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Hollywood comes to Greenville – Mello joins GCT cast

When the cast assembles this Friday night for “You Can’t Beat the House,” the latest production from the Greenville Community Theater, they will have a genuine card-carrying member of the Screen Actors Guild in their midst—a professional actor who is no stranger to many Greenvillians—Rob Mello. The performance of “You Can’t Beat the House,” will be held Friday night at the LBW Convention Center. Doors open at 6 p.m.

“One of the most exciting aspects of what promises to be a really outstanding dinner theater production is the addition of SAG/AFTRA actor, Rob Mello,” says Johnna Pitts, director of “You Can’t Beat the House.”

“Rob is a former resident of Greenville who has gone on to have a successful career as a TV/film actor. He’s graciously volunteered to perform with us to help build awareness of our group and its members. Rob’s been invaluable with advice and acting direction for the cast. We truly appreciate his friendship and professional guidance.”

Boston native Mello, who is now based in New Orleans, has several film and television projects under his belt, including “The Magnificent Seven,” “Happy Death Day,” “Fear the Walking Dead,” and Nicholas Sparks’ “The Best of Me.”

While scrolling through Facebook a few months ago, Mello happened to see the post about auditions for the upcoming GCT production. “After I read through the character descriptions, I got in touch with Johnna Pitts and asked to audition. And badabing, here I am!”

Playing a role in “You Can’t Beat the House” is a chance, he says, to hopefully encourage young people to see a career in acting—in any of the arts—is doable.

“I want to shine what little spotlight I have to show kids that an arts career is, with all its possible pitfalls, viable. One of the most incredibly sad things to me is to talk to someone and they say, “Man, I used to be good at X, and I wished I had at least tried it.’”

Like an artist he much admired in his youth—that cheerful guru of paint and canvas, the late Bob Ross—Mello says he has always found a place for art in his life.

The Boston native describes his entrance into the world of professional acting as “a happy accident.”
“I’d only done a couple of high school plays when I came across an ad on Craigslist that changed the course of my life,” Mello explains.

“A fellow was going to pay you fifty bucks and feed you to be a background actor in a SAG short he was doing . . . we were sitting over a beer at the wrap party and he told me that I might not be rich and famous, but I could make a decent living doing this. I believed him. And I took concrete steps to do just that.”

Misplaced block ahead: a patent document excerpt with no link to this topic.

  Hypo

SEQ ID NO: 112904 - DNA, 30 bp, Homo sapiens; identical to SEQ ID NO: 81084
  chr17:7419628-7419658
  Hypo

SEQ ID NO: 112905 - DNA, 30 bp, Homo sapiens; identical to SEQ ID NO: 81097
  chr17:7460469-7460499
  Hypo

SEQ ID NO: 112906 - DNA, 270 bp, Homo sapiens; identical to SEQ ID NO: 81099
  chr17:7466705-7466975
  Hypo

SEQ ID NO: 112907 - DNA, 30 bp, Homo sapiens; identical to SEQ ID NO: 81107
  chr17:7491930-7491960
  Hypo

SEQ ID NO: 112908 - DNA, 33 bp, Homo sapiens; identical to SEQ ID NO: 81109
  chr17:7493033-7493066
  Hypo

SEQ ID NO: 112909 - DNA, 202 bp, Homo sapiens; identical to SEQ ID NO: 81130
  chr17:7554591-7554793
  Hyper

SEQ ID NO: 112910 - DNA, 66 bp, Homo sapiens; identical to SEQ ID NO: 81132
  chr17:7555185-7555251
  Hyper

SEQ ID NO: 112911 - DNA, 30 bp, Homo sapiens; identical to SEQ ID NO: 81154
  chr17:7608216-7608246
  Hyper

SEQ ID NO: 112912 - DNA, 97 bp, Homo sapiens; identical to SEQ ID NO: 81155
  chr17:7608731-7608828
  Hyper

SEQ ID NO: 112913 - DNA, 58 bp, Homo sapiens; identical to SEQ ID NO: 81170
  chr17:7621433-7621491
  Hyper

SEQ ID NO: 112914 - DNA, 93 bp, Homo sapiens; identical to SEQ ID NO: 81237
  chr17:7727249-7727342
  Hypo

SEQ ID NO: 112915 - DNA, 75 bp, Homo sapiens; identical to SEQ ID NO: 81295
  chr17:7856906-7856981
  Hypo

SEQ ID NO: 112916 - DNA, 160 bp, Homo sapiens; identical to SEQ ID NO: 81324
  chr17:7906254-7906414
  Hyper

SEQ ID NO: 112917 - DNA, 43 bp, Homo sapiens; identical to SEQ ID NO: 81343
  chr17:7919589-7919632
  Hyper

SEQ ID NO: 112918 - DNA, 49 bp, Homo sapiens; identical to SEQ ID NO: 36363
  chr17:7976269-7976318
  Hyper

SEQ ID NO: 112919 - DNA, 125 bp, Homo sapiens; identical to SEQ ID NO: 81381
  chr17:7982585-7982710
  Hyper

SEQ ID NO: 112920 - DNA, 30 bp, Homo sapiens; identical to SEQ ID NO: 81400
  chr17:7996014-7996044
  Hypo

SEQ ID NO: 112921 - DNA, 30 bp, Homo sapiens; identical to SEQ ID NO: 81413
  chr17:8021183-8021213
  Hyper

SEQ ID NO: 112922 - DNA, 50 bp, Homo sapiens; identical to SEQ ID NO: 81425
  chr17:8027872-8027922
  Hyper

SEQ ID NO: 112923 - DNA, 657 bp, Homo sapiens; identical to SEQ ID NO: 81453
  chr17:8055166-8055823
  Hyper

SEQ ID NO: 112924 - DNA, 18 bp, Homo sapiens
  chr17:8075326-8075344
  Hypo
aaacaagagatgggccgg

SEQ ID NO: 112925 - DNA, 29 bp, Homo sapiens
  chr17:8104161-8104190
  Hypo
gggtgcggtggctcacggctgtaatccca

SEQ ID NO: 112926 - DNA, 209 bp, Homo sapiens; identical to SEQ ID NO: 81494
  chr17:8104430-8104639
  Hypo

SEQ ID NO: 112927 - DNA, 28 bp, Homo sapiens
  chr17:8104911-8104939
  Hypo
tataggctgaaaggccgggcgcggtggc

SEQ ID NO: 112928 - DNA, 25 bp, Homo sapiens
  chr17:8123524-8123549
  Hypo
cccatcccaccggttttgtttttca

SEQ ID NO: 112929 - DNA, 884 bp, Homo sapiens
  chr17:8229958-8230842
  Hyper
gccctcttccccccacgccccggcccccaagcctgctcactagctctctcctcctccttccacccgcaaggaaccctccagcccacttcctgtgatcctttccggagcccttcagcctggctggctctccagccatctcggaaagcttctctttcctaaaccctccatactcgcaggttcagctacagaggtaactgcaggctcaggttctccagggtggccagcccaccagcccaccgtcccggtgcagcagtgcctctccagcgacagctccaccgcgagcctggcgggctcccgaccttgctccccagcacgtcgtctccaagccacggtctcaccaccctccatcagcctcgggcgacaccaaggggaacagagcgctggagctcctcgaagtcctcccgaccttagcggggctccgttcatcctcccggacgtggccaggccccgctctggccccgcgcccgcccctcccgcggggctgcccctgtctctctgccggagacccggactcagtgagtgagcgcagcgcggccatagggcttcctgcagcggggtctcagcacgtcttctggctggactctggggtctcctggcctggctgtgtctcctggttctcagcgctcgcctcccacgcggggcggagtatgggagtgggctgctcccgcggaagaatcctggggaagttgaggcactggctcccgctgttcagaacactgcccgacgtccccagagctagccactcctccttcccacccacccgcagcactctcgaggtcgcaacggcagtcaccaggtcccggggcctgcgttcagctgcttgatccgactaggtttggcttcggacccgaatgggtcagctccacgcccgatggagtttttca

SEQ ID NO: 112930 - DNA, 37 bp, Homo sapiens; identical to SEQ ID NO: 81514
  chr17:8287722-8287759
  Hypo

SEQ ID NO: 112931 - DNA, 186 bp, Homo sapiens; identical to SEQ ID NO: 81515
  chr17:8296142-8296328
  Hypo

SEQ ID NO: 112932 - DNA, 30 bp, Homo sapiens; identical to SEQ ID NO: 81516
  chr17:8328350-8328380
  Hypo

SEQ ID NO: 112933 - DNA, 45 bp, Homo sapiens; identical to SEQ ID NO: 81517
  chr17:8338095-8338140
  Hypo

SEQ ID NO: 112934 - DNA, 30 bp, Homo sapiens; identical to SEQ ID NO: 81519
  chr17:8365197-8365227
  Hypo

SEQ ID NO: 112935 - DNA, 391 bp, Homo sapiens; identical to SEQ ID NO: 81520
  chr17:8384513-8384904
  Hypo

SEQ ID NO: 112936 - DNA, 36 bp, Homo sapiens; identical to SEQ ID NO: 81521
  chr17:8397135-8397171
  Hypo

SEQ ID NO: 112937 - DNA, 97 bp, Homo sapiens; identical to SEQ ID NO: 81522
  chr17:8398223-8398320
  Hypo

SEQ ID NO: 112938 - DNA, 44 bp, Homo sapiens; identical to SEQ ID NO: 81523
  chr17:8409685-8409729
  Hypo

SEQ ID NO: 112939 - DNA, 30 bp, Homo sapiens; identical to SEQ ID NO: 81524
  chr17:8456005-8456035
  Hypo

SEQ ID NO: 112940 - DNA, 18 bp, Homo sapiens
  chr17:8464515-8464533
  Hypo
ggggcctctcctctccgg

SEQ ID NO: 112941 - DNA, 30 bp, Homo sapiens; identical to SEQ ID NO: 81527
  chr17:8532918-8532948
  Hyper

Along the way, Mello discovered every project offers its own unique set of challenges and rewards.

And it’s a ton of fun.

“You are doing what you want to be doing for a living. My friends call it the ‘Playground.’ When we are heading to set, it’s ‘another day at the playground with the kids,’ because it really is just that much fun.”

As to dealing with playing angst-ridden and/or violent characters and possibly taking home some of that negativity, Mello says it’s not a problem.

“Your job is to create a character. That’s it! You audition, show off your work, and promptly forget about it. You leave it behind when you leave that set. It sounds weird to do, but if you get too invested in every character you either like or really want to book, you will go insane,” he explains.

As to dealing with the rejection that is part and parcel of the audition process, this is Mello’s advice:

“There are literally a million reasons as to why you won’t get a part. Too tall, too short, you remind the director of his or her ex . . . no kidding. Since so much of it is out of your control, you can’t waste energy on that. Always do your best work because that’s really the only thing you can control.”

There is a certain role created by the master of horror that he’d love to claim as his own.

“Currently, I am hoping to at least get an audition for the new TV version of Stephen King’s ‘The Stand.’ I think I would make a perfect Randall Flagg.”
And one day, Rob Mello says he would like to place his hands and feet in the wet cement outside Mann’s Chinese Theater.

Pitts describes Mello and the rest of the cast of “You Can’t Beat the House” as “absolutely brilliant.”

“It’s a very funny show, and I’ve been extremely fortunate to have such a talented cast, especially for my first time out directing. Working with these guys has been very rewarding. We can’t wait for everyone to come out Friday night to LBW’s Wendell Mitchell Conference Center and enjoy a great dinner theater experience in Greenville,” says Pitts.